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Abstract: PO1320

The Complex Landscape of Factor H and Factor I Rare Variants in Atypical Hemolytic Uremic Syndrome and C3 Glomerulopathy

Session Information

Category: Genetic Diseases of the Kidneys

  • 1002 Genetic Diseases of the Kidneys: Non-Cystic

Authors

  • Fremeaux-Bacchi, Veronique, Assistance Publique-Hôpitaux de Paris, Paris, France
  • Meuleman, Marie-Sophie, INSERM U1138, Paris, France
  • Vieira-Martins, Paula, Assistance Publique-Hôpitaux de Paris, Paris, France
  • Chauvet, Sophie, Assistance Publique-Hôpitaux de Paris, Paris, France
  • Fakhouri, Fadi, Lausanne University Hospital, Lausanne, Switzerland
Background

Complement genetics has been extensively studied to dissect the pathophysiology of atypical hemolytic uremic syndrome (aHUS) and C3 glomerulopathy (C3G) paving the way for highly tailored therapy. However, the assessment of each identified variant’s contribution to disease pathogenesis remains a challenge in particular for rare variants detected in patients as well as in healthy individuals in the genome Aggregation Database (gnomAD). In this study we aimed to describe the rare variants in Factor H (CFH) and Factor I (CFI) genes identified in the French cohort of patients with aHUS and C3G.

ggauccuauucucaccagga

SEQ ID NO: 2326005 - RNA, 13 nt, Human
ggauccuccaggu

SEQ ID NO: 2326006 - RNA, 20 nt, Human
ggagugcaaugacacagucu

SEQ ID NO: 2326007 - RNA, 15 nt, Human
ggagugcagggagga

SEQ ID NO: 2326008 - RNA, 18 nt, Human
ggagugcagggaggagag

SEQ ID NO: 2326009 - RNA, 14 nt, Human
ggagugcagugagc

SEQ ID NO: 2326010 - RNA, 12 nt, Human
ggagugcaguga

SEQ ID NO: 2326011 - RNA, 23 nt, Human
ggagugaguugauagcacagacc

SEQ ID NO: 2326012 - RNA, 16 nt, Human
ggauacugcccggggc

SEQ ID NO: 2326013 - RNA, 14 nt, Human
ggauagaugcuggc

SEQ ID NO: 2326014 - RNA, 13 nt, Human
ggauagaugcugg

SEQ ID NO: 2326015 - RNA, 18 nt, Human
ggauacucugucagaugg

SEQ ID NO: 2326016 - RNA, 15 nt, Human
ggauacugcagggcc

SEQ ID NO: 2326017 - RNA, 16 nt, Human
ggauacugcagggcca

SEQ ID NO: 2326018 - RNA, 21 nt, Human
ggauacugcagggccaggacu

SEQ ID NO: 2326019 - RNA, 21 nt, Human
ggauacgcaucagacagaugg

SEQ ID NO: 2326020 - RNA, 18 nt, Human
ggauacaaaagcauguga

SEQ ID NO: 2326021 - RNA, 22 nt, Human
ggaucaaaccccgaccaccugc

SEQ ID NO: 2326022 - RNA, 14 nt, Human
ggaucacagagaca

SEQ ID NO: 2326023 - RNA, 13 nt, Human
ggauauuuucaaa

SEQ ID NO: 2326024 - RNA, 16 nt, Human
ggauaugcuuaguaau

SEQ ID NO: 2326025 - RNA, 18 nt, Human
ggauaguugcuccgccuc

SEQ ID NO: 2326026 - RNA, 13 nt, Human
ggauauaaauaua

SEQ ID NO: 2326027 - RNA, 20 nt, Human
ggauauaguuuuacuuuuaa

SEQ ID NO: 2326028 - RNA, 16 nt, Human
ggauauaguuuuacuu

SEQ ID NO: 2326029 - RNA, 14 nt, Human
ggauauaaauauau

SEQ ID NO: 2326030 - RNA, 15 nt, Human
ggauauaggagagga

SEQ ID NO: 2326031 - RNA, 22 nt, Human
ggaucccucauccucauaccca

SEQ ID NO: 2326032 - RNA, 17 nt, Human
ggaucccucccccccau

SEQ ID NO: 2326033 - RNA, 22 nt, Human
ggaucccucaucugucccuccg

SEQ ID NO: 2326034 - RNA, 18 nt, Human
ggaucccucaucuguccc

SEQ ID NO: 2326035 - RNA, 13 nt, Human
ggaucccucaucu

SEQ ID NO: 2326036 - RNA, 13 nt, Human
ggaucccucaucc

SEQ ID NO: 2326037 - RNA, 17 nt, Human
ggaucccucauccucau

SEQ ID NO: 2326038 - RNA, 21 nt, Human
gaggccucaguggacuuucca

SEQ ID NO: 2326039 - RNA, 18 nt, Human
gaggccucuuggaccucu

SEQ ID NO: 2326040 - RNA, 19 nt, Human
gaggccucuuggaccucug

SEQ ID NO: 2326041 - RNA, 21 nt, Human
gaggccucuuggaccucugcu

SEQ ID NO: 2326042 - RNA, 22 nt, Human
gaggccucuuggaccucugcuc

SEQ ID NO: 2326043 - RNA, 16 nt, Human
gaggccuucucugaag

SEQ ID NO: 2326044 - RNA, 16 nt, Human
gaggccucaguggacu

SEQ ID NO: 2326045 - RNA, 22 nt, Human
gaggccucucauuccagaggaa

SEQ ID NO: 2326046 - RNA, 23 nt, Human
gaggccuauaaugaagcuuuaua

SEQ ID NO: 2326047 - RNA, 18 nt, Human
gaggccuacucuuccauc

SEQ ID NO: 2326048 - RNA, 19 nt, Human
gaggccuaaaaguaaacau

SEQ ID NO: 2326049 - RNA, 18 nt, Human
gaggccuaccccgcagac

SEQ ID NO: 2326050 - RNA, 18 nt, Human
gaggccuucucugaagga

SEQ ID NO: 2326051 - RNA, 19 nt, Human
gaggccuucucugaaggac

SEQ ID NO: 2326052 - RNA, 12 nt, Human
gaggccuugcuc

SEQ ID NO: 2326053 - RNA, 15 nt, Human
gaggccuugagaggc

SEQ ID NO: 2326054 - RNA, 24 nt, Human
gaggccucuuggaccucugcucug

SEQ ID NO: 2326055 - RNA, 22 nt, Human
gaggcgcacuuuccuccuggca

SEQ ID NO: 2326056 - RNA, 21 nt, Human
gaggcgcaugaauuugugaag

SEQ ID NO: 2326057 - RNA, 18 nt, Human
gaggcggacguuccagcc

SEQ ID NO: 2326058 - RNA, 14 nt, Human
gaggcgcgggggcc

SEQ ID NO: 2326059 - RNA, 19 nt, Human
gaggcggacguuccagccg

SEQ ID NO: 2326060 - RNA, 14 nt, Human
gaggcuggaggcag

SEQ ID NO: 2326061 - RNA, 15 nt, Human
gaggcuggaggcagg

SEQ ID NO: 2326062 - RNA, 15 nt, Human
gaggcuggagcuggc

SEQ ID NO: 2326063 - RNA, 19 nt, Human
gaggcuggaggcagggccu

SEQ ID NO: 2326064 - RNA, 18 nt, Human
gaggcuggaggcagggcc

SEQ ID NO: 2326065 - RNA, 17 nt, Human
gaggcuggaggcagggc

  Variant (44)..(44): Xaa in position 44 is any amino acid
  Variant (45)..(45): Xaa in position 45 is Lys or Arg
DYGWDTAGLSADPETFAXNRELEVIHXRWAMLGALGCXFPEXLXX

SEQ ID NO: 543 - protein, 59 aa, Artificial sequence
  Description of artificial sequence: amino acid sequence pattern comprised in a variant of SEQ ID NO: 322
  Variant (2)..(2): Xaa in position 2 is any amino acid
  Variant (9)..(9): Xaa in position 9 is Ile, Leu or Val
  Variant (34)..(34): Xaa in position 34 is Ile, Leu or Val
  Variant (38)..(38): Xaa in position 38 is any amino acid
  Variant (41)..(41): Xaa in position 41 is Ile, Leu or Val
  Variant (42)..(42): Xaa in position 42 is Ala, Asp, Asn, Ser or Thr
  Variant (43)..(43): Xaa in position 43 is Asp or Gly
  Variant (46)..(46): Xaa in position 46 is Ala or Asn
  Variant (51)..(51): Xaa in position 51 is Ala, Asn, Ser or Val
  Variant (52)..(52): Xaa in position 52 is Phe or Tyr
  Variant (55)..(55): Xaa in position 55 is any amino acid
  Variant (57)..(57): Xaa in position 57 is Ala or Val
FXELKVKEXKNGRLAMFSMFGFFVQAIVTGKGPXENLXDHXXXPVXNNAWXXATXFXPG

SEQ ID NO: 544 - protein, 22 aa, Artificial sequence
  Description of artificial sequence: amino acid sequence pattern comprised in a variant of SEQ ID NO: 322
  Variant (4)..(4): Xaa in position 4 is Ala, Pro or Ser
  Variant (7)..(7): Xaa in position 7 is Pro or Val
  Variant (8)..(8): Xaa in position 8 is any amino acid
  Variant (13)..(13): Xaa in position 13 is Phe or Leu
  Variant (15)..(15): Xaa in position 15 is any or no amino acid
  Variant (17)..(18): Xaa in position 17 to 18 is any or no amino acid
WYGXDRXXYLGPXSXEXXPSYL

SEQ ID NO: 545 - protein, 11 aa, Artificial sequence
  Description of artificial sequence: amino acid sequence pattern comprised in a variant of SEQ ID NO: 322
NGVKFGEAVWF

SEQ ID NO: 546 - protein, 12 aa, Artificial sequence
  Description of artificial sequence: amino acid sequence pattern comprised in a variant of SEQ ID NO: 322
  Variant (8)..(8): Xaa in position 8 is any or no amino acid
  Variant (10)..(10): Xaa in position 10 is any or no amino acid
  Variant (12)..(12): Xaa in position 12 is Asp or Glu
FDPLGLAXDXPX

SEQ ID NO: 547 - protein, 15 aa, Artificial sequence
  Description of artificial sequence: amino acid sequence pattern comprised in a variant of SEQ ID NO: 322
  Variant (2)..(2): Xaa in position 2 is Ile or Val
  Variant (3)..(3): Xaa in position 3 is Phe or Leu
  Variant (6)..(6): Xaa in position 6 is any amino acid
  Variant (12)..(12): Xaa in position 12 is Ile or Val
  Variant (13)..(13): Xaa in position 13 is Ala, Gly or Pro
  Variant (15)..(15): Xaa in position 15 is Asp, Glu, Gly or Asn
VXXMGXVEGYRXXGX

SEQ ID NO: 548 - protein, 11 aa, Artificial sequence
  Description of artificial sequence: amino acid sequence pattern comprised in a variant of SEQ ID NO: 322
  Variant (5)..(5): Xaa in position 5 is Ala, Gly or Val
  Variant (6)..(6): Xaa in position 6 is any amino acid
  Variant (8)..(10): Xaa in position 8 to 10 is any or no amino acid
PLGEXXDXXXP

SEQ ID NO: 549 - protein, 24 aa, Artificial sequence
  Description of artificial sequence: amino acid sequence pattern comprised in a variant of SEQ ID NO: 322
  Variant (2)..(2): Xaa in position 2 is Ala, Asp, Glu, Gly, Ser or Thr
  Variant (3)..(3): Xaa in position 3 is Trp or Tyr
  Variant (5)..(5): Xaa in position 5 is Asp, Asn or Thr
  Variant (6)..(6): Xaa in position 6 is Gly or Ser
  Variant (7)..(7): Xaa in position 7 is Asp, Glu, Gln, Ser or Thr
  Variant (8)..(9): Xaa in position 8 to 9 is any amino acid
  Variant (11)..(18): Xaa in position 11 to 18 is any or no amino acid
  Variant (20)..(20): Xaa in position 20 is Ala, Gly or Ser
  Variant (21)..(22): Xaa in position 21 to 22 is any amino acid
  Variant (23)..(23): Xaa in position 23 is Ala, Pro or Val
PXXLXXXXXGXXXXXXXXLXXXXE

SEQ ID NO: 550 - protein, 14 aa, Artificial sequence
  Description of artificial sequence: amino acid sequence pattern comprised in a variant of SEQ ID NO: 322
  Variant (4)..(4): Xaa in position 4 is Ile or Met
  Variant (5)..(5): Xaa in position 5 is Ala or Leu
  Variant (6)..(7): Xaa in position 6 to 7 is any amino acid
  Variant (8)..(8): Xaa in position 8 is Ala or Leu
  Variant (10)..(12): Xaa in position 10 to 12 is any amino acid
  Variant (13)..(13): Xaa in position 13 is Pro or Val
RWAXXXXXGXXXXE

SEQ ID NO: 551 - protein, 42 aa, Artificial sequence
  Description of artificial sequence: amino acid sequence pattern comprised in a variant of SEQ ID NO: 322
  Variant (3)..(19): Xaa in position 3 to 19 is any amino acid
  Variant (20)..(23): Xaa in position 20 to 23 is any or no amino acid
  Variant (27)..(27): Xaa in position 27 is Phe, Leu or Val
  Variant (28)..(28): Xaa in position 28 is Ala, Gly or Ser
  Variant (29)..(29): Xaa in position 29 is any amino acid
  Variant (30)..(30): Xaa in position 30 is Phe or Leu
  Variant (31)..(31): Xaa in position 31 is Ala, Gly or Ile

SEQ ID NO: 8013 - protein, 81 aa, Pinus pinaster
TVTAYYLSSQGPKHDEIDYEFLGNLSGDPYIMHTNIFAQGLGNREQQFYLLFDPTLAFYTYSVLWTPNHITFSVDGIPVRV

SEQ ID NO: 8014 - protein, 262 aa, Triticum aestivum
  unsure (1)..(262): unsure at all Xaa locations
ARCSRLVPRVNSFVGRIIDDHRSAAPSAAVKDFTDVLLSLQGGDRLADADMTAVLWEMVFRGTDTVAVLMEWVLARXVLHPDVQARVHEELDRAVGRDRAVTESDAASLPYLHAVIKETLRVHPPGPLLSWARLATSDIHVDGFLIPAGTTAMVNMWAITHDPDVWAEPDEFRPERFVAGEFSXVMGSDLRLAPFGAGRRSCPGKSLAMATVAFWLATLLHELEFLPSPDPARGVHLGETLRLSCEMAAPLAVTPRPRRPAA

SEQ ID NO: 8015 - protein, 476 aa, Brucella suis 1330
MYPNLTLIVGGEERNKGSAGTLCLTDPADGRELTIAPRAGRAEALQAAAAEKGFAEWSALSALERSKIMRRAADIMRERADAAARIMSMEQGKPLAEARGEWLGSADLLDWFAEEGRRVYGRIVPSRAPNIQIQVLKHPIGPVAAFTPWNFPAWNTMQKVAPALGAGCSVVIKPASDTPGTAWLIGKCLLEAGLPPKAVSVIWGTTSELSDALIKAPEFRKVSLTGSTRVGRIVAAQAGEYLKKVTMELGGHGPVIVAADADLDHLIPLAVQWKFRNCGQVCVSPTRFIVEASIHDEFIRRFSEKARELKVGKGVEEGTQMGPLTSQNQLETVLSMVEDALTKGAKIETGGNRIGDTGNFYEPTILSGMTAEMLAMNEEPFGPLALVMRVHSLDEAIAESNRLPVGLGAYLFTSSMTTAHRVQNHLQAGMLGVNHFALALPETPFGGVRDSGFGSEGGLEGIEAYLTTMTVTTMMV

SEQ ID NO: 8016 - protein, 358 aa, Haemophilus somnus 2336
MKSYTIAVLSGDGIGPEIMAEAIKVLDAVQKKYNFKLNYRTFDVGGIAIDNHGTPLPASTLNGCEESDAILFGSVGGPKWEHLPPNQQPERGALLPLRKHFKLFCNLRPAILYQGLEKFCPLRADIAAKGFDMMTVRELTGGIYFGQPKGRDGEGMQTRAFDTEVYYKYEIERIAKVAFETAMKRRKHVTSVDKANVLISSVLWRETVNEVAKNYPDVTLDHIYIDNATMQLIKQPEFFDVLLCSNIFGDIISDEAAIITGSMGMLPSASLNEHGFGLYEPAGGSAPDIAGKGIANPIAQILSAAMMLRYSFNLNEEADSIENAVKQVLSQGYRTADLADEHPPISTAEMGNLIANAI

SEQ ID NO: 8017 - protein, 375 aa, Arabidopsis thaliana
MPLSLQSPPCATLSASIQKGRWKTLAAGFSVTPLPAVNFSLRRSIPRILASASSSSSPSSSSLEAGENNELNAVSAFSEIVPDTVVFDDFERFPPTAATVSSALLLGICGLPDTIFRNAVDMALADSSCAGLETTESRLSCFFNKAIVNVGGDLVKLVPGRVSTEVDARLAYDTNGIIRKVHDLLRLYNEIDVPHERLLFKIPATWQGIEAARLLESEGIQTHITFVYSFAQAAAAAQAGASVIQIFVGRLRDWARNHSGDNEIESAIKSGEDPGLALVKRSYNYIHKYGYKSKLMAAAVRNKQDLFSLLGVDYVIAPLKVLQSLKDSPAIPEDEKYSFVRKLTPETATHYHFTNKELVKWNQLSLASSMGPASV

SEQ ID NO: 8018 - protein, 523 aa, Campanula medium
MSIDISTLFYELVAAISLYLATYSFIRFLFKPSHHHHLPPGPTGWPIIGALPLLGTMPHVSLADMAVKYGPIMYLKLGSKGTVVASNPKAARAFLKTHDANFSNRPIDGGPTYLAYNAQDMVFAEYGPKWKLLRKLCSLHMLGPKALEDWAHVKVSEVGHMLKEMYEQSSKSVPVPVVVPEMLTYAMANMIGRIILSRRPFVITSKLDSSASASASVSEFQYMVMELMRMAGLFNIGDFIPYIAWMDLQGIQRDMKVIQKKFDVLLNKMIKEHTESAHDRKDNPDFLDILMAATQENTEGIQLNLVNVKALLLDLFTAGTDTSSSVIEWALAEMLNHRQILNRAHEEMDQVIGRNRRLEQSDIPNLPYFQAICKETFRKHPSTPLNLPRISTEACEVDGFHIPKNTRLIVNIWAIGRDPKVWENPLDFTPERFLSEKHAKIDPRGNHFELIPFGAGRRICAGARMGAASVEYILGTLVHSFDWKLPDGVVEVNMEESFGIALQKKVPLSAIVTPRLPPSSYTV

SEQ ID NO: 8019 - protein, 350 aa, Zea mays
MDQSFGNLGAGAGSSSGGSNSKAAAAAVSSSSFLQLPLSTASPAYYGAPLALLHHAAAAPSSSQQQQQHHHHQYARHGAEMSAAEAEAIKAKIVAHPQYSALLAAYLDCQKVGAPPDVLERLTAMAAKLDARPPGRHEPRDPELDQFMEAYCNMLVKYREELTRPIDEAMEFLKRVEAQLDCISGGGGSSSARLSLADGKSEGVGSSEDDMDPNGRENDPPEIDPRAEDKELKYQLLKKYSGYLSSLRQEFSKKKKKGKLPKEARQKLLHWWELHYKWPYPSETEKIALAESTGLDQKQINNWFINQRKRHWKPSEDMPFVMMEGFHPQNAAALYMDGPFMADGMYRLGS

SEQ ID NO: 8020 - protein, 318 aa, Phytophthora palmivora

Methods

We analyzed the distribution of the allele frequency (AF) of rare variants identified in 397 and 398 adult patients with a diagnosis of aHUS without coexisting disease and with C3G/Ig-mediated membranoproliferative glomerulonephritis (Ig-MPGN), respectively. We selected for this study variants with minor AF (MAF) below 0.1% in European healthy individuals.

Results

The frequency of patients with rare variants in CFH (108/398 vs 54/398) and CFI (33/397 vs 17/397) genes was higher in aHUS compared to C3G. A total of 148 variants were identified in CFH (n=98) and in CFI (n=50) genes. Among them, 9 were present in both diseases. We identified 43 (67%) and 20 (66%) novel variants in CFH in aHUS and C3G, respectively. Among them, 98% are pathogenic compared to 44% of the variants reported in gnomAD. The frequency of variants causing FH and FI deficiency is similar in both diseases (70% of the variants). The frequency of CFH variants identified in more than 1 patient is increased in aHUS compared to C3G (11/64 vs 2/30). We identified 12 (12/38; 31%) and 2 (2/12; 16%) novel variants in CFI in aHUS and C3G, respectively. Reported variants in CFI are more frequent in C3G than in aHUS (10/12 vs 26/38). The frequency of variants reported in gnomAD is higher in CFI (80%) compared to CFH (14% ).

Conclusion

Our study indicates that novel pathogenic rare variants in complement genes is more frequent in aHUS than in C3G. However, half of the variants reported in gnamAD have a potential impact on gene function. Our results suggest that CFH variants are more damaging than CFI variants, and may contribute more significantly to the pathogenesis of both diseases, as compared to CFI.